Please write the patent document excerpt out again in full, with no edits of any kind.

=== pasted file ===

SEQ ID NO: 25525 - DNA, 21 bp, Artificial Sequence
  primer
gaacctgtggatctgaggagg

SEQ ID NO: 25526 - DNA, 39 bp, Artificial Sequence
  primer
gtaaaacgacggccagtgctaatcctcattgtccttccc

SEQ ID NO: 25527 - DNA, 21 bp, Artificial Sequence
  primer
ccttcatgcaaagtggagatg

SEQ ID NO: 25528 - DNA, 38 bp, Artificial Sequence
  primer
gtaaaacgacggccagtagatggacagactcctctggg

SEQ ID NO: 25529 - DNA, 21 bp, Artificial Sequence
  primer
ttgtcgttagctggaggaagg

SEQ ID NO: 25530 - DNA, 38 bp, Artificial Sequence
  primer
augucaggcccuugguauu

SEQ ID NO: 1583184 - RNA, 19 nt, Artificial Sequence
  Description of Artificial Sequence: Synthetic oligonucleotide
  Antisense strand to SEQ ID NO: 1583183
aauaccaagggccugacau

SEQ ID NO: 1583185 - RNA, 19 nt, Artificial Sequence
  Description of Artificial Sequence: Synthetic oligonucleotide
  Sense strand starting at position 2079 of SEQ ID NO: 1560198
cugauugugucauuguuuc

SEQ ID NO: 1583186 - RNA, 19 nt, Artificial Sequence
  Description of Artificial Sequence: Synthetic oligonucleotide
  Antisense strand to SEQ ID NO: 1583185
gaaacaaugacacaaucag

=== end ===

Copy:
SEQ ID NO: 25525 - DNA, 21 bp, Artificial Sequence
  primer
gaacctgtggatctgaggagg

SEQ ID NO: 25526 - DNA, 39 bp, Artificial Sequence
  primer
gtaaaacgacggccagtgctaatcctcattgtccttccc

SEQ ID NO: 25527 - DNA, 21 bp, Artificial Sequence
  primer
ccttcatgcaaagtggagatg

SEQ ID NO: 25528 - DNA, 38 bp, Artificial Sequence
  primer
gtaaaacgacggccagtagatggacagactcctctggg

SEQ ID NO: 25529 - DNA, 21 bp, Artificial Sequence
  primer
ttgtcgttagctggaggaagg

SEQ ID NO: 25530 - DNA, 38 bp, Artificial Sequence
  primer
augucaggcccuugguauu

SEQ ID NO: 1583184 - RNA, 19 nt, Artificial Sequence
  Description of Artificial Sequence: Synthetic oligonucleotide
  Antisense strand to SEQ ID NO: 1583183
aauaccaagggccugacau

SEQ ID NO: 1583185 - RNA, 19 nt, Artificial Sequence
  Description of Artificial Sequence: Synthetic oligonucleotide
  Sense strand starting at position 2079 of SEQ ID NO: 1560198
cugauugugucauuguuuc

SEQ ID NO: 1583186 - RNA, 19 nt, Artificial Sequence
  Description of Artificial Sequence: Synthetic oligonucleotide
  Antisense strand to SEQ ID NO: 1583185
gaaacaaugacacaaucag